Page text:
title>Tax Guru-Ker$tetter Letter Wizard Animation


Tax Guru-Ker$tetter Letter
Wednesday, February 27, 2002
Women Are Actresses

I admit that I have my biases and frequently judge people based on how they describe things. Any time I hear some idiot refer to a woman as an Actor, it makes me sick. It's not the same neutering of our language as substituting "Flight Attendant" for "Stewardess." I have finally found someone else who shares my belief that our language has specific words for a purpose.

Thursday, February 21, 2002
Tax Simplification - Not

Every year around this time, our rulers in DC promise to simplify the tax system, as in this comment by Treasury Secretary Paul O'Neill. As always, the result will be more of the same, much more work for those of us in the tax profession.

I really can't add much to what I wrote years ago about the scam promises to simplify the tax system.

Sunday, February 17, 2002
My Question Boards

I have to cease my participation in the discussion boards on The Motley Fool site because they are now charging for that privilege. As I have described before, I had already been phasing myself out of that site because of the nasty criticism I had received from other users who didn't like my philosophy of trying to help people pay less taxes. The fact that the main moderators are former IRS employees, who obviously still share Big Brother's viewpoint that all money belongs to the imperial Federal government and that anyone who tries to reduce their payments is an evil greedy person, explains this.

While I gladly pay to subscribe to dozens of websites that I feel are worth their costs, I can't justify paying the Fool for their pay more taxes attitude.

I am still answering questions on one other main site:

AskMe.com is my favorite and the one I use most often, including getting answers to other topics I need help with.

Evil Rich

Some people are missing my sarcasm when I use the term Evil Rich.

I am a 100% pure capitalist and do not consider anyone to be evil just because of their wealth. However, I have long blasted our rulers in Washington for picking on what Dick Gephardt describes as "the winners of life's lottery." There are literally dozens of tax rules that penalize those people that our rulers consider to be the Evil Rich. The taxation of Social Security benefits is one of the worst. Congress considers anyone who has AGI of more than $25,000 to be an evil rich target.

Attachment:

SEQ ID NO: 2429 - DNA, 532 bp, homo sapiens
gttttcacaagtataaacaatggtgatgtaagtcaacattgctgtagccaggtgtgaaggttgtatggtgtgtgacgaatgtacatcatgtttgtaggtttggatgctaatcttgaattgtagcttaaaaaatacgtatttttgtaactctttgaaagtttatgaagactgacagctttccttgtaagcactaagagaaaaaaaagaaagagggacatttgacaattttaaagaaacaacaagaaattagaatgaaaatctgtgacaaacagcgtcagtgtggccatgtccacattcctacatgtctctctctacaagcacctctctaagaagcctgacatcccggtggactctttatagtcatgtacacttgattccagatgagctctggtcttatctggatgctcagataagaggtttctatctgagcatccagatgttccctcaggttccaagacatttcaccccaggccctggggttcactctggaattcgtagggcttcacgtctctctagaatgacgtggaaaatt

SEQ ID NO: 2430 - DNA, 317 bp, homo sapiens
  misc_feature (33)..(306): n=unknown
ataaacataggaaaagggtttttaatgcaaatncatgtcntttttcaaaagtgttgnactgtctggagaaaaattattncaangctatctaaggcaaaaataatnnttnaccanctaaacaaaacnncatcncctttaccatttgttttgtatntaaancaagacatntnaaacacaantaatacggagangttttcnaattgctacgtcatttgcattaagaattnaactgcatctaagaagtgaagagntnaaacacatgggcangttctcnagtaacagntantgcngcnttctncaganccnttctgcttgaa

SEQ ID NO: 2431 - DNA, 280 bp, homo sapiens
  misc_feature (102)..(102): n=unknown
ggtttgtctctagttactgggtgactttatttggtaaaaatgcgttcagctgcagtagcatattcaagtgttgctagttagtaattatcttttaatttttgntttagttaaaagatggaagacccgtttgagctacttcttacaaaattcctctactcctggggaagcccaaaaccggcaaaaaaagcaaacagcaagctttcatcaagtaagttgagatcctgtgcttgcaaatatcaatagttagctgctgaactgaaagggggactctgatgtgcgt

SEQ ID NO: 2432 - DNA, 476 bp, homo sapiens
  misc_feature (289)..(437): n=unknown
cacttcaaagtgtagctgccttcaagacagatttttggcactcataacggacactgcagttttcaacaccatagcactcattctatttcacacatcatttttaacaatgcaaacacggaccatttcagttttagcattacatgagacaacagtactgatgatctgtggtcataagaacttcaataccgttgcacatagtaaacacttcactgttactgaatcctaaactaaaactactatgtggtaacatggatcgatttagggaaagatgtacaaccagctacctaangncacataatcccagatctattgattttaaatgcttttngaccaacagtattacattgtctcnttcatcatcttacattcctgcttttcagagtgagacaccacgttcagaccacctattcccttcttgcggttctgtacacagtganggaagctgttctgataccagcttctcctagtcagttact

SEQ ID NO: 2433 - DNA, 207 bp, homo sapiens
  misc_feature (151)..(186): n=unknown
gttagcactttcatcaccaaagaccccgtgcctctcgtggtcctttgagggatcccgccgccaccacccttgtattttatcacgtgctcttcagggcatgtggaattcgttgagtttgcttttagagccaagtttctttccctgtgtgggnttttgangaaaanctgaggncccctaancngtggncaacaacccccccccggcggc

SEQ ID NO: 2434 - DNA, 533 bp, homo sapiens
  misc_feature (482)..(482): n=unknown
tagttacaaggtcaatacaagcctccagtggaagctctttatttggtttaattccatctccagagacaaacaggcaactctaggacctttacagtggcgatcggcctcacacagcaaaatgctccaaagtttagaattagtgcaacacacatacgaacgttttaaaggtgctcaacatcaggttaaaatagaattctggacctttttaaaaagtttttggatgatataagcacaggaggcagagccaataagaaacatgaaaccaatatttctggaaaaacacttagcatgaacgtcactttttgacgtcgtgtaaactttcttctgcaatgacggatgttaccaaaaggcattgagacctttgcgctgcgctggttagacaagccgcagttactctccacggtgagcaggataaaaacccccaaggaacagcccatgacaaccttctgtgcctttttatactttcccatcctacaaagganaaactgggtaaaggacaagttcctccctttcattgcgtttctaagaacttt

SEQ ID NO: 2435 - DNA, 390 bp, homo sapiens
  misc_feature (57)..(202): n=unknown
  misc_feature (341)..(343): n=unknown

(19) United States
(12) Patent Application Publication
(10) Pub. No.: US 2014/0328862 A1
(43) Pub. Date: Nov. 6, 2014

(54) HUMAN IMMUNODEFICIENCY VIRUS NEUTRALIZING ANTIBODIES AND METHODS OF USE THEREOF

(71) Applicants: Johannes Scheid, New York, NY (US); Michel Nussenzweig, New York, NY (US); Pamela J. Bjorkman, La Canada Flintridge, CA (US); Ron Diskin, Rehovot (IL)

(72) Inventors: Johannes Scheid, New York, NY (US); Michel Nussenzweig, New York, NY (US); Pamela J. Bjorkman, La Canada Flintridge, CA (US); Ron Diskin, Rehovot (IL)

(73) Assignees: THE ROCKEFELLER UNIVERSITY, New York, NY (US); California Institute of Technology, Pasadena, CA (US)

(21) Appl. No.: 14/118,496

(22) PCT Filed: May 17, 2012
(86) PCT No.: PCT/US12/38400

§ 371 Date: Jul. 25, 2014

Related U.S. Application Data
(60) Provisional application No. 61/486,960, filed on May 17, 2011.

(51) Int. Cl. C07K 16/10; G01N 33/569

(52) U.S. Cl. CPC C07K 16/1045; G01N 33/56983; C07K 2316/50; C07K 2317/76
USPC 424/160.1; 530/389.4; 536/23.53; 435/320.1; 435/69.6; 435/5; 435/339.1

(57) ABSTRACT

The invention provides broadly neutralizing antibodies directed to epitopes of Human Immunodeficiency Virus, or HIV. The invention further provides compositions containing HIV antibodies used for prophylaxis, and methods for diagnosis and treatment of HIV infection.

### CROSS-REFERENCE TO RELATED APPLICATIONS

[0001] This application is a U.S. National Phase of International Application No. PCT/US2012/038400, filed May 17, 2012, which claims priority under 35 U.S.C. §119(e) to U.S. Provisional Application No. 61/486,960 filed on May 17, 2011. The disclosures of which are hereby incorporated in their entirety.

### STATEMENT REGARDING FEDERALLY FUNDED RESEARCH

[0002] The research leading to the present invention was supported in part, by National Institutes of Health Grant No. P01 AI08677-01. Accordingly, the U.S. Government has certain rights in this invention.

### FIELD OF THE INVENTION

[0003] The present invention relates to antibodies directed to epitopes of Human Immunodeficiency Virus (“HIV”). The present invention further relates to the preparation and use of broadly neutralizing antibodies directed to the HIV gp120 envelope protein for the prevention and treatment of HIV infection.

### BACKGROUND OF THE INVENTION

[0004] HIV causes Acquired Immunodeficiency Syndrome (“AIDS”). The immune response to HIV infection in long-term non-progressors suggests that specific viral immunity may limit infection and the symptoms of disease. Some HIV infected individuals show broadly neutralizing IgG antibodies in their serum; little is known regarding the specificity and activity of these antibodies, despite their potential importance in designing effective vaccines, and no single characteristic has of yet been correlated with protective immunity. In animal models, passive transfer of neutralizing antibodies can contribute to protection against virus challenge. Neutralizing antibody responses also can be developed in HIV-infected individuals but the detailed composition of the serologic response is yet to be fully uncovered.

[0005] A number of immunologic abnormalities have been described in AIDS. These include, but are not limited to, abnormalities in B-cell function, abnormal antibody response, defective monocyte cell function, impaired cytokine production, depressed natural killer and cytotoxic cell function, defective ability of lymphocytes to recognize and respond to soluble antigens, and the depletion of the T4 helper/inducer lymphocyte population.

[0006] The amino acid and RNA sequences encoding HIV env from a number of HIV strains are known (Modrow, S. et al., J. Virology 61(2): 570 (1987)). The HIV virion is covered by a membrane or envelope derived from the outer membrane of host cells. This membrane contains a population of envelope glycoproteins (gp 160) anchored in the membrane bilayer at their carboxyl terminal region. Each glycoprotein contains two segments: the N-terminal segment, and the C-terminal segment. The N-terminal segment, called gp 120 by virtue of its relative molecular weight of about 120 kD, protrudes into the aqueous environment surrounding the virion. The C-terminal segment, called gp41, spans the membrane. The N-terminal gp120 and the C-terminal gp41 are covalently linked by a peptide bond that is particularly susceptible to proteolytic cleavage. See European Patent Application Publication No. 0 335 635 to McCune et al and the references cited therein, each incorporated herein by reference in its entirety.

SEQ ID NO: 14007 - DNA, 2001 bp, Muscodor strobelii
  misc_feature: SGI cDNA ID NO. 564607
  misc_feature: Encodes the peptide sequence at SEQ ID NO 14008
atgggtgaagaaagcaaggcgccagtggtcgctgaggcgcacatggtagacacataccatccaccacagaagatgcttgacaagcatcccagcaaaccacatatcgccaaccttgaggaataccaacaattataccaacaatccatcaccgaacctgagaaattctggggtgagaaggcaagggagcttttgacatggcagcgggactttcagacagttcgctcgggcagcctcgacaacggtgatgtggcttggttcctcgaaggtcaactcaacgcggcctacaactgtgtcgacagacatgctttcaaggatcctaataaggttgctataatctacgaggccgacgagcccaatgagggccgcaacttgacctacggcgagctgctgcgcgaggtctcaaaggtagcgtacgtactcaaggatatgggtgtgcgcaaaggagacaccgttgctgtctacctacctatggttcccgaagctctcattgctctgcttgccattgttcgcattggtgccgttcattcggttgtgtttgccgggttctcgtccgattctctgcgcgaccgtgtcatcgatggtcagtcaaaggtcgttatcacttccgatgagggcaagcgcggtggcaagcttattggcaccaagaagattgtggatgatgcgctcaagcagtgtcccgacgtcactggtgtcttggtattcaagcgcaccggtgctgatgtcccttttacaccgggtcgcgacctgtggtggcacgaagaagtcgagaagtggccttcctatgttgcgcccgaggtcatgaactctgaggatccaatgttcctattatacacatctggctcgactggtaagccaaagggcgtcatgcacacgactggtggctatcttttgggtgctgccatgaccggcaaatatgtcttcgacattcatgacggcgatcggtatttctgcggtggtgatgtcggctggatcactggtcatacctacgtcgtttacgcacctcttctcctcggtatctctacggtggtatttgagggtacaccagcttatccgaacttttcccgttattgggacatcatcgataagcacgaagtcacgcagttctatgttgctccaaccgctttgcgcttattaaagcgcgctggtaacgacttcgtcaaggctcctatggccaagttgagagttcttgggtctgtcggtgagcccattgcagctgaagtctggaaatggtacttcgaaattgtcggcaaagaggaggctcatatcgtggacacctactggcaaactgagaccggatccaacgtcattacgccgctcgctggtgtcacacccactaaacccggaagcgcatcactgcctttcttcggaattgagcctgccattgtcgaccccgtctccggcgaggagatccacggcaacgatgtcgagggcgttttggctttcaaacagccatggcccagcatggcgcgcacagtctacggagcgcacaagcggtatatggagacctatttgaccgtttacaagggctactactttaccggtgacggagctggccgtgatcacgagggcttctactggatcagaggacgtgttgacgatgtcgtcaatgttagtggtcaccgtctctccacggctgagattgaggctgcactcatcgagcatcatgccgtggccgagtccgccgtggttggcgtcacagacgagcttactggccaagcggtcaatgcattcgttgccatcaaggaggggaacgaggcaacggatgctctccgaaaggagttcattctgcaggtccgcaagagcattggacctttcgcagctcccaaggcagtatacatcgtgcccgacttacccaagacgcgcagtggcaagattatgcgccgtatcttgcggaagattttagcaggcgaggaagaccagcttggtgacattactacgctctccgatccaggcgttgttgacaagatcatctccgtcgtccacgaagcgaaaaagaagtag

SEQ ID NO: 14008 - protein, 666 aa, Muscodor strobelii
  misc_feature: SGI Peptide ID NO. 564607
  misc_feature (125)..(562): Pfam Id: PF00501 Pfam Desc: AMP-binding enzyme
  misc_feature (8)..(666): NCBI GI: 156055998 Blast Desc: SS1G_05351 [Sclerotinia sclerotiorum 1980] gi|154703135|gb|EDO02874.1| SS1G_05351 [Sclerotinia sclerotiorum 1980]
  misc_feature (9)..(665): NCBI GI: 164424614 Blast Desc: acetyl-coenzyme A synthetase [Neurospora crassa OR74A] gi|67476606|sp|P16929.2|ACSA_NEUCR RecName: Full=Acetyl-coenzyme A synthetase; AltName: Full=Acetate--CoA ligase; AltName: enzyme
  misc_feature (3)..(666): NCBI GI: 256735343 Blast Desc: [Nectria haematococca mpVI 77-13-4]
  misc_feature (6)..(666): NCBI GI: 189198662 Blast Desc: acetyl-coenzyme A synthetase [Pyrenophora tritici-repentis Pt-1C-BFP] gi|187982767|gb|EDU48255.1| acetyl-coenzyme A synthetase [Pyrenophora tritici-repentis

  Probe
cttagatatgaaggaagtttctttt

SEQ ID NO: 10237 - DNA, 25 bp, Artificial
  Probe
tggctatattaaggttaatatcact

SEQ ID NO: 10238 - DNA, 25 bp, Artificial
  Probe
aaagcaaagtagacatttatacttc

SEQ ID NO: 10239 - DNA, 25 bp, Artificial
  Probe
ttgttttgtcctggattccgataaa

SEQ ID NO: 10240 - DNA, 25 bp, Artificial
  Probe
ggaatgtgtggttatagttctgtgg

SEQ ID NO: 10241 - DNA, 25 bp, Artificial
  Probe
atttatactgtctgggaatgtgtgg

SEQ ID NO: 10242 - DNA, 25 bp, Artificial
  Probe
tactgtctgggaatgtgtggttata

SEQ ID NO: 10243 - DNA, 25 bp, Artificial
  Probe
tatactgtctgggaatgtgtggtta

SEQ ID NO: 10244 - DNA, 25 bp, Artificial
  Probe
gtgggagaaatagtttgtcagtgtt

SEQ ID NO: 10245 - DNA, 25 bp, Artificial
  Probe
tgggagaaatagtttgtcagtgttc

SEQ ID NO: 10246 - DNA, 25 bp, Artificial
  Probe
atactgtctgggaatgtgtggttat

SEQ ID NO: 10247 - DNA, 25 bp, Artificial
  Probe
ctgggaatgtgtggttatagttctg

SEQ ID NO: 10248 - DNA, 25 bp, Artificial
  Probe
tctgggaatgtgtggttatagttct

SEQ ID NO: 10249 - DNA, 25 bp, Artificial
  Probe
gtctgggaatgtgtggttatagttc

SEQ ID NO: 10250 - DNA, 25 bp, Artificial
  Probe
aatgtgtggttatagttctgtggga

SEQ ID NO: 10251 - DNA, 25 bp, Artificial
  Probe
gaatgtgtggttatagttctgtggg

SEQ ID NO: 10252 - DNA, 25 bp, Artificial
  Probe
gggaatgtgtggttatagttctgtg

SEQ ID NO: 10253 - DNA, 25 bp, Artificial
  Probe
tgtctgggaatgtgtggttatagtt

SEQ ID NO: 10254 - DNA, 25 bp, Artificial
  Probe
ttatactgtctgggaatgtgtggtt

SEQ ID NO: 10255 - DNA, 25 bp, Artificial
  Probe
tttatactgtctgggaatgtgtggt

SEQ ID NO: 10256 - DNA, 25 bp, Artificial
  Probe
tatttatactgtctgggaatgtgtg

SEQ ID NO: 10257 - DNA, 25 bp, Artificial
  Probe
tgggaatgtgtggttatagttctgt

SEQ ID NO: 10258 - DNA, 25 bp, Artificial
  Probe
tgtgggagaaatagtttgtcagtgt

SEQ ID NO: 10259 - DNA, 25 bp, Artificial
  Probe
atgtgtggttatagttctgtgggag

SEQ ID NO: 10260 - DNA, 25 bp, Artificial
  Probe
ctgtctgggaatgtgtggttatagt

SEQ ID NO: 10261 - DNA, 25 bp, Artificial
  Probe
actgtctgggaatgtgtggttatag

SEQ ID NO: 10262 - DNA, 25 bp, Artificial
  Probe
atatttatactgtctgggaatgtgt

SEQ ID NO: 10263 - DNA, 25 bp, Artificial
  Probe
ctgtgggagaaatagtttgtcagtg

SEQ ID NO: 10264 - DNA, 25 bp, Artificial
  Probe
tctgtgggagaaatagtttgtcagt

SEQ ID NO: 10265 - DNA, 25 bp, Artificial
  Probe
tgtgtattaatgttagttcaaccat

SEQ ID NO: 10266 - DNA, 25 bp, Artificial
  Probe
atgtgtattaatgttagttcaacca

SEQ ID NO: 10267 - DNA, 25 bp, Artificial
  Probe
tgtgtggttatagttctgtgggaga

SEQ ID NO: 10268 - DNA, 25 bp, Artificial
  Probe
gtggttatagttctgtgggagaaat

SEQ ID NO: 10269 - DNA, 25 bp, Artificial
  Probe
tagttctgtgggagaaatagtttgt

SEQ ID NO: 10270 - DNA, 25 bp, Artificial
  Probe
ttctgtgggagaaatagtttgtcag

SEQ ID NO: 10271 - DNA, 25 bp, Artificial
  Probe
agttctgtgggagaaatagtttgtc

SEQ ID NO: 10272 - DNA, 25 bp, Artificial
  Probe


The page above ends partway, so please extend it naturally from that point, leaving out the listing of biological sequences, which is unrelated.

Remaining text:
People accept this persecution of the better off because there is a pervasive tone in this country to hate anyone who has more than you have, regardless of how that money was obtained. I think this attitude is disgusting and one way I am trying to remedy it is to expose and ridicule it. If one says nothing, it will continue to grow.

I hope that clears this up.

Friday, February 15, 2002
Robin Hood

Last week's tirade between Senator Robert Byrd & Treasury Secretary Paul O'Neill as to who had the more impoverished childhood was hilarious. Fox News had the best take on it by running part of the Monty Python skit that was almost identical. Actually, the members of National Review's Corner discussion blog had mentioned the similarity to Monty Python right after the actual event.

Senator Byrd has long been the epitome of what is so wrong with the ever increasing size of the Imperial Federal Government. He has long held the title of Top Pork Provider by taking huge sums of money from working Americans and sending it to his cronies in his home state of West Virginia. On a more relevant and serious note, Ann Coulter addresses the contrast between Byrd & O'Neill and the fact that while O'Neill's wealth came from his own hard work and wise investments, Byrd's billions have come directly out of the pockets of taxpayers.

Whether you consider Robin Hood to be a good person or not depends on whether you are the "evil rich" taxpayer being plundered or the "poor" person receiving the loot. As another old quote goes: "When you rob Peter to pay Paul, you can always count on the full support of Paul."

Friday, February 08, 2002
Distraction Strategy

The showboating hypocrites in Congress who are proclaiming that the Enron melt-down was the biggest & most earth shattering financial scam in history are just using their standard strategy of distracting the public's attention from the real financial criminals, themselves. With the eager assistance of their allies in the liberal press, that is the message that most people are exposed to.

Luckily, we are no longer forced to obtain all of our news from the liberal press. Roger Hedgecock, while substituting for Rush Limbaugh today, explained that the financial crimes committed by our rulers in Washington make the Enron misdeeds pale in comparison. So true.

This piece by Mark Levin on National Review makes a similar point. As powerful as Kenneth Lay may have been, he couldn't stick a gun in your face and take everything you own. Congress does that very thing every day via their henchmen, IRS.

Thursday, February 07, 2002
Beware of Bogus Tax Protests

There are plenty of legal ways to reduce or eliminate income taxes. There are also plenty of people promoting illegal strategies. There is a current ad campaign being waged by a group called We The People that they call "Wait to file until the trial." They are supposedly putting the entire US income tax system on trial by having IRS head honchos respond formally to their idiotic tax protestor arguments. They claim to believe that the IRS will admit defeat and cancel the entire income tax system; so filing a tax return would be an unwise move.